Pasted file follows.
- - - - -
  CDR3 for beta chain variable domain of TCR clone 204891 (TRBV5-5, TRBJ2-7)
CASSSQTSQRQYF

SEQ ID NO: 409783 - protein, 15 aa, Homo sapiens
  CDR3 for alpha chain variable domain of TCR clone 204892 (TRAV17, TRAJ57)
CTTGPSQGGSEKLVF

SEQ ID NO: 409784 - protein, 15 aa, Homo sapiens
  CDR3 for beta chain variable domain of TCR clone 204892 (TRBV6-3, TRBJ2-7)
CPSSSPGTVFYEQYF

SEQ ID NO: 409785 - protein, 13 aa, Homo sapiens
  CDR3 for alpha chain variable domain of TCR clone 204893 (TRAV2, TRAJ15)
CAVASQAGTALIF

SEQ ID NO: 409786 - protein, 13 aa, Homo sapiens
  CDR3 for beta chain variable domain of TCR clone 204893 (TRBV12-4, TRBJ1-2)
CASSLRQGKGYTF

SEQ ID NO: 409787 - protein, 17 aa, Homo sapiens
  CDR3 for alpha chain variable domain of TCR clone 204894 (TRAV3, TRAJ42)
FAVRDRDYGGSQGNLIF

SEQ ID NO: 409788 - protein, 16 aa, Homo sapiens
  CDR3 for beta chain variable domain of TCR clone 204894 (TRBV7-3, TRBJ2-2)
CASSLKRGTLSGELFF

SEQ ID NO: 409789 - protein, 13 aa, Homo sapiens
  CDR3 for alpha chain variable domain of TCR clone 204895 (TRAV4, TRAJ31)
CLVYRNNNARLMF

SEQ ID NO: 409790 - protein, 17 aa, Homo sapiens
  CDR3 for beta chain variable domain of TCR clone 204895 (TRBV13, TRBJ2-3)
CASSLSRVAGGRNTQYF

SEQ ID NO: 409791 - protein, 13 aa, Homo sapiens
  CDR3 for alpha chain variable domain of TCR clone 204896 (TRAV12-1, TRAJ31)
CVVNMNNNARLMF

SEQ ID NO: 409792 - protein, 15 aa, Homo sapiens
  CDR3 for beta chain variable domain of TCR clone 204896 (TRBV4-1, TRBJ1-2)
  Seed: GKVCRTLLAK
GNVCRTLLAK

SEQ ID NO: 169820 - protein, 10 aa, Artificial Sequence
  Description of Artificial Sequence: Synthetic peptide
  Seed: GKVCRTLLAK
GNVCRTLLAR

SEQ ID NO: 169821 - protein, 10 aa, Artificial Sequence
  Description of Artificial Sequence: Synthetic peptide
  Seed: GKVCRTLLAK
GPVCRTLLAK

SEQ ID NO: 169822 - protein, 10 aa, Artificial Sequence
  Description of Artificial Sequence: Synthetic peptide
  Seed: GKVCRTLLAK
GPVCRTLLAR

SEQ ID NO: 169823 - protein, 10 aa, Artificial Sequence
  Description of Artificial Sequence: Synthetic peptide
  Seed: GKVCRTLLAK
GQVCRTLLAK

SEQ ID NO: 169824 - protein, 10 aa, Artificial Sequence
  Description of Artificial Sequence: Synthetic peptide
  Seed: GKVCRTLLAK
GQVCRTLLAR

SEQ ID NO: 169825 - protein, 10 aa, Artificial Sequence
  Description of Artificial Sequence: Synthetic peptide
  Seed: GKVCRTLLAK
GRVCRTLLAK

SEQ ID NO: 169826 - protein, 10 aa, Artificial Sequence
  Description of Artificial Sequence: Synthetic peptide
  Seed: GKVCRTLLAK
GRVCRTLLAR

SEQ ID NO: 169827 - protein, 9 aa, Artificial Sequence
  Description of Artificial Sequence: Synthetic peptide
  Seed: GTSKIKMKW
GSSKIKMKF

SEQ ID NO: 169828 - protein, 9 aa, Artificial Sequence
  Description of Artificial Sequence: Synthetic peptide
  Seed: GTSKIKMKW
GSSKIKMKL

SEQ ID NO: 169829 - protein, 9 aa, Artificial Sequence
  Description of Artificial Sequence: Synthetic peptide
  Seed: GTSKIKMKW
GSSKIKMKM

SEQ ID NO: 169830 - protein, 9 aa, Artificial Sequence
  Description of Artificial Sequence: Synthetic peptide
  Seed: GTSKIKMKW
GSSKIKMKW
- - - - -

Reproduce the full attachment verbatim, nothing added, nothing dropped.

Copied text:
  CDR3 for beta chain variable domain of TCR clone 204891 (TRBV5-5, TRBJ2-7)
CASSSQTSQRQYF

SEQ ID NO: 409783 - protein, 15 aa, Homo sapiens
  CDR3 for alpha chain variable domain of TCR clone 204892 (TRAV17, TRAJ57)
CTTGPSQGGSEKLVF

SEQ ID NO: 409784 - protein, 15 aa, Homo sapiens
  CDR3 for beta chain variable domain of TCR clone 204892 (TRBV6-3, TRBJ2-7)
CPSSSPGTVFYEQYF

SEQ ID NO: 409785 - protein, 13 aa, Homo sapiens
  CDR3 for alpha chain variable domain of TCR clone 204893 (TRAV2, TRAJ15)
CAVASQAGTALIF

SEQ ID NO: 409786 - protein, 13 aa, Homo sapiens
  CDR3 for beta chain variable domain of TCR clone 204893 (TRBV12-4, TRBJ1-2)
CASSLRQGKGYTF

SEQ ID NO: 409787 - protein, 17 aa, Homo sapiens
  CDR3 for alpha chain variable domain of TCR clone 204894 (TRAV3, TRAJ42)
FAVRDRDYGGSQGNLIF

SEQ ID NO: 409788 - protein, 16 aa, Homo sapiens
  CDR3 for beta chain variable domain of TCR clone 204894 (TRBV7-3, TRBJ2-2)
CASSLKRGTLSGELFF

SEQ ID NO: 409789 - protein, 13 aa, Homo sapiens
  CDR3 for alpha chain variable domain of TCR clone 204895 (TRAV4, TRAJ31)
CLVYRNNNARLMF

SEQ ID NO: 409790 - protein, 17 aa, Homo sapiens
  CDR3 for beta chain variable domain of TCR clone 204895 (TRBV13, TRBJ2-3)
CASSLSRVAGGRNTQYF

SEQ ID NO: 409791 - protein, 13 aa, Homo sapiens
  CDR3 for alpha chain variable domain of TCR clone 204896 (TRAV12-1, TRAJ31)
CVVNMNNNARLMF

SEQ ID NO: 409792 - protein, 15 aa, Homo sapiens
  CDR3 for beta chain variable domain of TCR clone 204896 (TRBV4-1, TRBJ1-2)
  Seed: GKVCRTLLAK
GNVCRTLLAK

SEQ ID NO: 169820 - protein, 10 aa, Artificial Sequence
  Description of Artificial Sequence: Synthetic peptide
  Seed: GKVCRTLLAK
GNVCRTLLAR

SEQ ID NO: 169821 - protein, 10 aa, Artificial Sequence
  Description of Artificial Sequence: Synthetic peptide
  Seed: GKVCRTLLAK
GPVCRTLLAK

SEQ ID NO: 169822 - protein, 10 aa, Artificial Sequence
  Description of Artificial Sequence: Synthetic peptide
  Seed: GKVCRTLLAK
GPVCRTLLAR

SEQ ID NO: 169823 - protein, 10 aa, Artificial Sequence
  Description of Artificial Sequence: Synthetic peptide
  Seed: GKVCRTLLAK
GQVCRTLLAK

SEQ ID NO: 169824 - protein, 10 aa, Artificial Sequence
  Description of Artificial Sequence: Synthetic peptide
  Seed: GKVCRTLLAK
GQVCRTLLAR

SEQ ID NO: 169825 - protein, 10 aa, Artificial Sequence
  Description of Artificial Sequence: Synthetic peptide
  Seed: GKVCRTLLAK
GRVCRTLLAK

SEQ ID NO: 169826 - protein, 10 aa, Artificial Sequence
  Description of Artificial Sequence: Synthetic peptide
  Seed: GKVCRTLLAK
GRVCRTLLAR

SEQ ID NO: 169827 - protein, 9 aa, Artificial Sequence
  Description of Artificial Sequence: Synthetic peptide
  Seed: GTSKIKMKW
GSSKIKMKF

SEQ ID NO: 169828 - protein, 9 aa, Artificial Sequence
  Description of Artificial Sequence: Synthetic peptide
  Seed: GTSKIKMKW
GSSKIKMKL

SEQ ID NO: 169829 - protein, 9 aa, Artificial Sequence
  Description of Artificial Sequence: Synthetic peptide
  Seed: GTSKIKMKW
GSSKIKMKM

SEQ ID NO: 169830 - protein, 9 aa, Artificial Sequence
  Description of Artificial Sequence: Synthetic peptide
  Seed: GTSKIKMKW
GSSKIKMKW